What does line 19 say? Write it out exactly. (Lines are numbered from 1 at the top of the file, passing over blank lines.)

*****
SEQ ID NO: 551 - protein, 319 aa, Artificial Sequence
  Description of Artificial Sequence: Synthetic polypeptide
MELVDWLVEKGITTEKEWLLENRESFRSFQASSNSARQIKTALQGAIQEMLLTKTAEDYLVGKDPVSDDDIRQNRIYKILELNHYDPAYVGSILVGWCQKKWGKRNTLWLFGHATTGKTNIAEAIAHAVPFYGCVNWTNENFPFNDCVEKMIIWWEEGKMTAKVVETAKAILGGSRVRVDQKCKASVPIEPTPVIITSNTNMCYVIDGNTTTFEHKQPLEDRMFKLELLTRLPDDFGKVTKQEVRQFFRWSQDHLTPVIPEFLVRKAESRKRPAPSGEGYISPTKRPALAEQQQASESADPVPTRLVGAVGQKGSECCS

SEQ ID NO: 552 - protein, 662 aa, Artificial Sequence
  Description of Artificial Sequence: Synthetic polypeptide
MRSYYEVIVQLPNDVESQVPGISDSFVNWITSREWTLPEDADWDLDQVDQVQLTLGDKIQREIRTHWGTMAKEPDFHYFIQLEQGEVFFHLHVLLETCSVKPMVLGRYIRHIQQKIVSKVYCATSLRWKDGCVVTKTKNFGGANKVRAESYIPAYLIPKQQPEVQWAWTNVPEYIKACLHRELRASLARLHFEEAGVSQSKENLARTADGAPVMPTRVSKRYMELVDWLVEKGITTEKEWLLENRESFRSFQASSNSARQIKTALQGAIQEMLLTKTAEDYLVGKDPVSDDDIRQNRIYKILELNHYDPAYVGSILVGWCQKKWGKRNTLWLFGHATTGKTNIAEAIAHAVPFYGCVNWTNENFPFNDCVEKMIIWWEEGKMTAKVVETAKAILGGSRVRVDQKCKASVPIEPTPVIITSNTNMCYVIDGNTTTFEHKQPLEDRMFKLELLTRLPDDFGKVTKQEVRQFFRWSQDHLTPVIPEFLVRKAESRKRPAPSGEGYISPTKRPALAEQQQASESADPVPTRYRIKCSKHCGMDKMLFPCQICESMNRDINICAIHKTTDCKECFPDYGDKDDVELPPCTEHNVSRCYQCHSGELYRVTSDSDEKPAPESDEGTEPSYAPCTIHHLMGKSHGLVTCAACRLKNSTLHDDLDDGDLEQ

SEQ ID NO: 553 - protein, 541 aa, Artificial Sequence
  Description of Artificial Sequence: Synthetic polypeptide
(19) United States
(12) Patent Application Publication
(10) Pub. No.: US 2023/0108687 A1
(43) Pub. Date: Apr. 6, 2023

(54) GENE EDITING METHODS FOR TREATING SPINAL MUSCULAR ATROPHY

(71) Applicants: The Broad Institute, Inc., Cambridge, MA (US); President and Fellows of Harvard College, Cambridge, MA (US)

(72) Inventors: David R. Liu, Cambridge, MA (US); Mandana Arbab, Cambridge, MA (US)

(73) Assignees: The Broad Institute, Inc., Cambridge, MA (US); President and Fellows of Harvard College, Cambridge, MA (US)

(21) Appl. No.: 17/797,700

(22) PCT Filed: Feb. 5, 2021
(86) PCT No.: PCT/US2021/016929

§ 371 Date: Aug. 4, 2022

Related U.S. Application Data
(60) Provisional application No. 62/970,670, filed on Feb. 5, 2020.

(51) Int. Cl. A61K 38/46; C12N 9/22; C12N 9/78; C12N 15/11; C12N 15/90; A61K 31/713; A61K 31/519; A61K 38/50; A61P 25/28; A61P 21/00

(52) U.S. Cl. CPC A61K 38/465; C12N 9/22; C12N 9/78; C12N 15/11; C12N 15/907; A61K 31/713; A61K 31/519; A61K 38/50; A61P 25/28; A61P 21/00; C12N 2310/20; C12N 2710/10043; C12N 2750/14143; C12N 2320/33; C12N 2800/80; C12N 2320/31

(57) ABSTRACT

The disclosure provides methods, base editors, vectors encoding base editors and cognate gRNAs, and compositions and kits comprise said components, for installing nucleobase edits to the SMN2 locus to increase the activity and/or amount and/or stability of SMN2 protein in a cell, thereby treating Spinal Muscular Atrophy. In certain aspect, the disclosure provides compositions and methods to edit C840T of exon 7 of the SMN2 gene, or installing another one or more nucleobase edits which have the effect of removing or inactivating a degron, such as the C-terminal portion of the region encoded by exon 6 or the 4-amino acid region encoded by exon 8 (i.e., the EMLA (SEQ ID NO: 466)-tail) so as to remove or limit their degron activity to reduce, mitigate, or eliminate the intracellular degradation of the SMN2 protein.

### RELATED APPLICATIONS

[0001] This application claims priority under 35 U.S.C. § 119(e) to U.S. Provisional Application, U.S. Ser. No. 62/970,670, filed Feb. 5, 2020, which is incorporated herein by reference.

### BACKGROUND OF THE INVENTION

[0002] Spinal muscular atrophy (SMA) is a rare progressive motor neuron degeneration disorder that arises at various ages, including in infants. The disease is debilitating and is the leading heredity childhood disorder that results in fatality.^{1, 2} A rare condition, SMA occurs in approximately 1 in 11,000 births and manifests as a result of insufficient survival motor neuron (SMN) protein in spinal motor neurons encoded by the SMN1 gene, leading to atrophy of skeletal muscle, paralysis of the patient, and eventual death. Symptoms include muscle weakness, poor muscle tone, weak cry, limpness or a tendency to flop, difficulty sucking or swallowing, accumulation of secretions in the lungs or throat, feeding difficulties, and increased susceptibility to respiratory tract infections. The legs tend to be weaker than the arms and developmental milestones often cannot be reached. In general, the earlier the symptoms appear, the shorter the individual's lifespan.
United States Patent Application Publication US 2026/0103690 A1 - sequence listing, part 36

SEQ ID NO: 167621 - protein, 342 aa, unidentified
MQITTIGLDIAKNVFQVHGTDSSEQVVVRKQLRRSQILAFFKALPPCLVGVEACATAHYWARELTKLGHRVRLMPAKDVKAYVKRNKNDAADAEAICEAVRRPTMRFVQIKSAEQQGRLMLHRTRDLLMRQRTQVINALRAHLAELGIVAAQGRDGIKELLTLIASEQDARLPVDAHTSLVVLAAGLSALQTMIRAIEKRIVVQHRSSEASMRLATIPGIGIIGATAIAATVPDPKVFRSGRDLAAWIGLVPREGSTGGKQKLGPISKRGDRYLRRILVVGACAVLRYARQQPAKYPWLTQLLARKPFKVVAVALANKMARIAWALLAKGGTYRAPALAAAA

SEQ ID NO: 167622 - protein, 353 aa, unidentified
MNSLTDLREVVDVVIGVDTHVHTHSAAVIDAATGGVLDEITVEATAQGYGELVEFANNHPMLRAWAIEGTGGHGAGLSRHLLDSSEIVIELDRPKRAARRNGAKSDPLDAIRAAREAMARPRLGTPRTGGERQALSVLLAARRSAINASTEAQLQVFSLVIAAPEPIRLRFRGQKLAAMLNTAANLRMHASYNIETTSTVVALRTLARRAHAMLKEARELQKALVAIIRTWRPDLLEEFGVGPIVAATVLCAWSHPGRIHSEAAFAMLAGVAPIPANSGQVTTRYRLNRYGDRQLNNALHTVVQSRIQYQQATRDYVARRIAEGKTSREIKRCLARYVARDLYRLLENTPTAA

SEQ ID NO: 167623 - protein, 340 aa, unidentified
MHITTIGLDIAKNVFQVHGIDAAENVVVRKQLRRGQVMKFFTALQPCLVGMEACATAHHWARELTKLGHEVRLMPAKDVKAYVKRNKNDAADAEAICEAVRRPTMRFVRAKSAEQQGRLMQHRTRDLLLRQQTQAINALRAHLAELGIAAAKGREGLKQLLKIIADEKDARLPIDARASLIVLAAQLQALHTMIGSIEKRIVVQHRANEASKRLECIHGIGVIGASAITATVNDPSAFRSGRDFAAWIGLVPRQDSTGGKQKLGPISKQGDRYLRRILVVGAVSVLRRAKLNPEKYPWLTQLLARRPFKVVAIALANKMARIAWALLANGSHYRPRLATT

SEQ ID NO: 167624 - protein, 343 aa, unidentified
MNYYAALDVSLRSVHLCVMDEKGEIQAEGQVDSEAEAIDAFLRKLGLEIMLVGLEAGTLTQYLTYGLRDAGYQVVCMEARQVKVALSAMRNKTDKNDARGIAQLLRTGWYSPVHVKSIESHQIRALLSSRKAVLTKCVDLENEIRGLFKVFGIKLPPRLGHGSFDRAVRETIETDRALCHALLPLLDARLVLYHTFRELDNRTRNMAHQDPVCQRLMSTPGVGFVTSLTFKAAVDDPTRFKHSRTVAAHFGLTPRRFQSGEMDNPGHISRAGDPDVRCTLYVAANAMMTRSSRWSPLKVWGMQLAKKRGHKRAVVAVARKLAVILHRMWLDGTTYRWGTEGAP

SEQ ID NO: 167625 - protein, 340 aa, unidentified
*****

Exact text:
(86) PCT No.: PCT/US2021/016929